Armstrong admits doping in Oprah interview
Cyclist Lance Armstrong has admitted to talk show host Oprah Winfrey that he used performance-enhancing drugs in a lengthy interview to be aired later this week, USA Today reported Monday.
Although Winfrey did not reveal details of the interview ahead of its Thursday night air date on her OWN cable network and its website, she took to Twitter to say the exchange had lasted more than two and a half hours.
"He came READY!" she tweeted.
For years, Armstrong has repeatedly denied taking performance enhancing drugs to win the Tour de France and other big cycling events.
Any confession by Armstrong could have legal or financial ramifications, particularly among big-name corporate sponsors such as Nike that had loyally stood by him even as doping allegations grew.
Reporters, photographers and TV crews took up positions earlier across the street from Armstrong's opulent Austin home, where the interview took place and which is surrounded by an eight-foot (2.4-meter) high stone wall.
Winfrey was set to appear on CBS television's "This Morning" on Tuesday to promote the interview.
It was Armstrong's first interview since he was stripped in October of his seven Tour de France titles after the US Anti-Doping Agency (USADA) said he helped orchestrate the most sophisticated doping program in sports history.
The announcement that Armstrong had agreed to an interview had sparked widespread speculation that he might finally confess to being a drug cheat after years of strenuous denials.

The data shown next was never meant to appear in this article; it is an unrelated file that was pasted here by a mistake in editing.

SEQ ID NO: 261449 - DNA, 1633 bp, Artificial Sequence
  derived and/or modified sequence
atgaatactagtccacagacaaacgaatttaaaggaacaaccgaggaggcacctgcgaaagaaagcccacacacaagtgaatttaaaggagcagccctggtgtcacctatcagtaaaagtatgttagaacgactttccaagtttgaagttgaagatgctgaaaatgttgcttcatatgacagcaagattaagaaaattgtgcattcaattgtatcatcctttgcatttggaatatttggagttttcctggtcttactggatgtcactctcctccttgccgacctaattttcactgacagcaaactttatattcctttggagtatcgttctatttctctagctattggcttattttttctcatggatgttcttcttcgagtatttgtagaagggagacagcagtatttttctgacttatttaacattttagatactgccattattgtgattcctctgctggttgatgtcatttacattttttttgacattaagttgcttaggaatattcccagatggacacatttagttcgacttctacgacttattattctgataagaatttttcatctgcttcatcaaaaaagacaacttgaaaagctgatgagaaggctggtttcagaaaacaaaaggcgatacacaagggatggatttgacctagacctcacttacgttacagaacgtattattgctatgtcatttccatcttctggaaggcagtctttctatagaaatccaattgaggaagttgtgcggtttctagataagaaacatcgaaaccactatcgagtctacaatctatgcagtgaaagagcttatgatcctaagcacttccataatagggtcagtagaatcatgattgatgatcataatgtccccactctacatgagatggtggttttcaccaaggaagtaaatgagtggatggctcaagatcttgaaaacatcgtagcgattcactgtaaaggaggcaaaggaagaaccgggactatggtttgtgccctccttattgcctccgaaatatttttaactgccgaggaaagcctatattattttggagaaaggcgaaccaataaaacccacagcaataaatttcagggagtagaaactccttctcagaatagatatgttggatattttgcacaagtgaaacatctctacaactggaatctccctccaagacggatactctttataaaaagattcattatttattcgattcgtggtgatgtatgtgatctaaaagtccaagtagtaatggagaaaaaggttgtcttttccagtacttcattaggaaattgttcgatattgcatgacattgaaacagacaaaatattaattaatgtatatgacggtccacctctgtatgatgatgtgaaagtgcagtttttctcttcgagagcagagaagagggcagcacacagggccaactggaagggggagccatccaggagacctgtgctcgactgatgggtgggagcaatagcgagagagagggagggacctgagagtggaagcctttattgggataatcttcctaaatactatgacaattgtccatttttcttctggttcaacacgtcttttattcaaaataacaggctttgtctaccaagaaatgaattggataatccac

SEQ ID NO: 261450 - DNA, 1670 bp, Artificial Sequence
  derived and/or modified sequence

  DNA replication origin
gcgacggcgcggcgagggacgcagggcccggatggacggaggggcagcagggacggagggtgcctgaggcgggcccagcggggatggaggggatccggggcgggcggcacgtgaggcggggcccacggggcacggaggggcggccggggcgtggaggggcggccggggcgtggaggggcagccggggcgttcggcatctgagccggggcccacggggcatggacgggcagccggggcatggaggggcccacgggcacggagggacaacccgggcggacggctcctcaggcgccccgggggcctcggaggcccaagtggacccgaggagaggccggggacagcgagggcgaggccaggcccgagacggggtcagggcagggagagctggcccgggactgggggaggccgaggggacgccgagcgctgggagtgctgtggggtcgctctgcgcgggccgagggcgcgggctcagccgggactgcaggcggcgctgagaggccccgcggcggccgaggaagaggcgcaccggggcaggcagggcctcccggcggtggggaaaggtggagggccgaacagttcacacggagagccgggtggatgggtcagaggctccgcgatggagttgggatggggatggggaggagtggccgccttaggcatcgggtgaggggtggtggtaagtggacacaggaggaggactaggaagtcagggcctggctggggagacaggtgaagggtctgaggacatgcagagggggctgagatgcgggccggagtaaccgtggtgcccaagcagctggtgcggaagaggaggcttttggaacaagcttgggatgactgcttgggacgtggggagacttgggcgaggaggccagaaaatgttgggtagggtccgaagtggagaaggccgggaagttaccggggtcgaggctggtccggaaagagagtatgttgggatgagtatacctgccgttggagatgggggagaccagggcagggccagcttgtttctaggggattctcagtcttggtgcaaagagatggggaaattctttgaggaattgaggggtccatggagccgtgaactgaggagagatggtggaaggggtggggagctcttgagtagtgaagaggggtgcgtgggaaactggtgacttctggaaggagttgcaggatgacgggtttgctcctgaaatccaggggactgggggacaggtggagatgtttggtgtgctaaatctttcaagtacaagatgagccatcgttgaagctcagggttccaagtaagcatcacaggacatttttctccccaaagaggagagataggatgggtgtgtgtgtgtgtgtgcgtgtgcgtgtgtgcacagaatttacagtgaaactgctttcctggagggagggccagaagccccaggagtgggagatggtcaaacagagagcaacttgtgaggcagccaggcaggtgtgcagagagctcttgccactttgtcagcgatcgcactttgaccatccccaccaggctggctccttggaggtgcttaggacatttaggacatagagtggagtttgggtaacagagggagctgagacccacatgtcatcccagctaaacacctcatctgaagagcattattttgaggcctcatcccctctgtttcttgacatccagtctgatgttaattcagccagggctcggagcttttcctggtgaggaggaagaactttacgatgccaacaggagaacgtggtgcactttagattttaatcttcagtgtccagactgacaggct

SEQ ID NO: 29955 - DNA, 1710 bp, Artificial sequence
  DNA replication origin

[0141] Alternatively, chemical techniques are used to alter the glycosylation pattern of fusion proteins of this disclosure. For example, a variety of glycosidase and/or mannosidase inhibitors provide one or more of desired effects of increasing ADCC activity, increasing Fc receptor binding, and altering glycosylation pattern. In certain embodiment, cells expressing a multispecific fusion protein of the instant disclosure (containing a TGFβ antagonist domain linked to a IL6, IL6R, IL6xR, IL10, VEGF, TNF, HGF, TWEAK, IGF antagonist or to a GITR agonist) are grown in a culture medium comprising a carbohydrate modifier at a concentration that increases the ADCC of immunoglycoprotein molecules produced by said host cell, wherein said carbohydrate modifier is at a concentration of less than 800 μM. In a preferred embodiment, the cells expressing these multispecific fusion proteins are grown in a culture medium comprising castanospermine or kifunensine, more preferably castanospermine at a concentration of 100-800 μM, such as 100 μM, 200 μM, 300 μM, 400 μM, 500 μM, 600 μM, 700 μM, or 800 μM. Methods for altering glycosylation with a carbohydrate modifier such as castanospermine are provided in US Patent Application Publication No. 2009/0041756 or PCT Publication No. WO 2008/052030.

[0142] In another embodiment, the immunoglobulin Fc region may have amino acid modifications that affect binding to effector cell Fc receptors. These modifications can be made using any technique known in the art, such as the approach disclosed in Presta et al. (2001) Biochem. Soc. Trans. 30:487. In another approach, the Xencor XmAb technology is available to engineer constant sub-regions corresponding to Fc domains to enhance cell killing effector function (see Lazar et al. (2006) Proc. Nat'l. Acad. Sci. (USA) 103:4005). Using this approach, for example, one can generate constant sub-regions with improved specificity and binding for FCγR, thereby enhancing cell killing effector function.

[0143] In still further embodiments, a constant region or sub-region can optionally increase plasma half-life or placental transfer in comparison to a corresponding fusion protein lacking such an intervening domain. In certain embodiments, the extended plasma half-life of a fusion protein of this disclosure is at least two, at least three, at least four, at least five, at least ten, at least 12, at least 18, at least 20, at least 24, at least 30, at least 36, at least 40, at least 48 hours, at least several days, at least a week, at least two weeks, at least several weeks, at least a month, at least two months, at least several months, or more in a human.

USA Today, which cited an unnamed person familiar with the interview as saying Armstrong had admitted to doping, had earlier indicated that the cyclist did not plan to go into great detail about specific cases and events.
Before the taping, Armstrong personally apologized to staff members at Livestrong, the charity he founded to support cancer survivors.
"Lance came to the Livestrong Foundation's headquarters today for a private conversation with our staff and offered a sincere and heartfelt apology for the stress they've endured because of him," Livestrong spokeswoman Rae Bazzarre told AFP.
She added that Armstrong -- a cancer survivor who founded the charity in 1997 -- urged Livestrong staffers "to keep up their great work fighting for people affected by cancer."
Since the International Cycling Union effectively erased Armstrong from the record books, The Sunday Times of Britain has sued him for more than £1 million ($1.6 million) over a libel payment made to him in 2006.
It had paid Armstrong £300,000 to settle a libel case after publishing a story suggesting he may have cheated, and now wants that money, plus interest and legal costs, repaid.
On Sunday, The Sunday Times took out an ad in the Chicago Tribune newspaper setting out 10 questions that Winfrey, whose OWN media network is based in the Midwestern metropolis, should ask Armstrong.
"Is it your intention to return the prize money you earned from Sept. 1998 to July 2010?" read one question. "Did you sue the Sunday Times to shut us up?" went another.
A Texas insurance company has also threatened legal action to recoup millions of dollars in bonuses it paid him for multiple Tour victories.
Armstrong's years of dominance in the sport's greatest race raised cycling's profile in the United States to new heights.
It also gave the Texan -- diagnosed in 1996 with late-stage testicular cancer that had spread to his brain and lungs -- a unique platform to promote cancer awareness and research.
The Lance Armstrong Foundation has raised almost $500 million since its creation 16 years ago.
In the wake of the allegations, several top sponsors dumped Armstrong, and on November 14, Livestrong dropped his name from the foundation.
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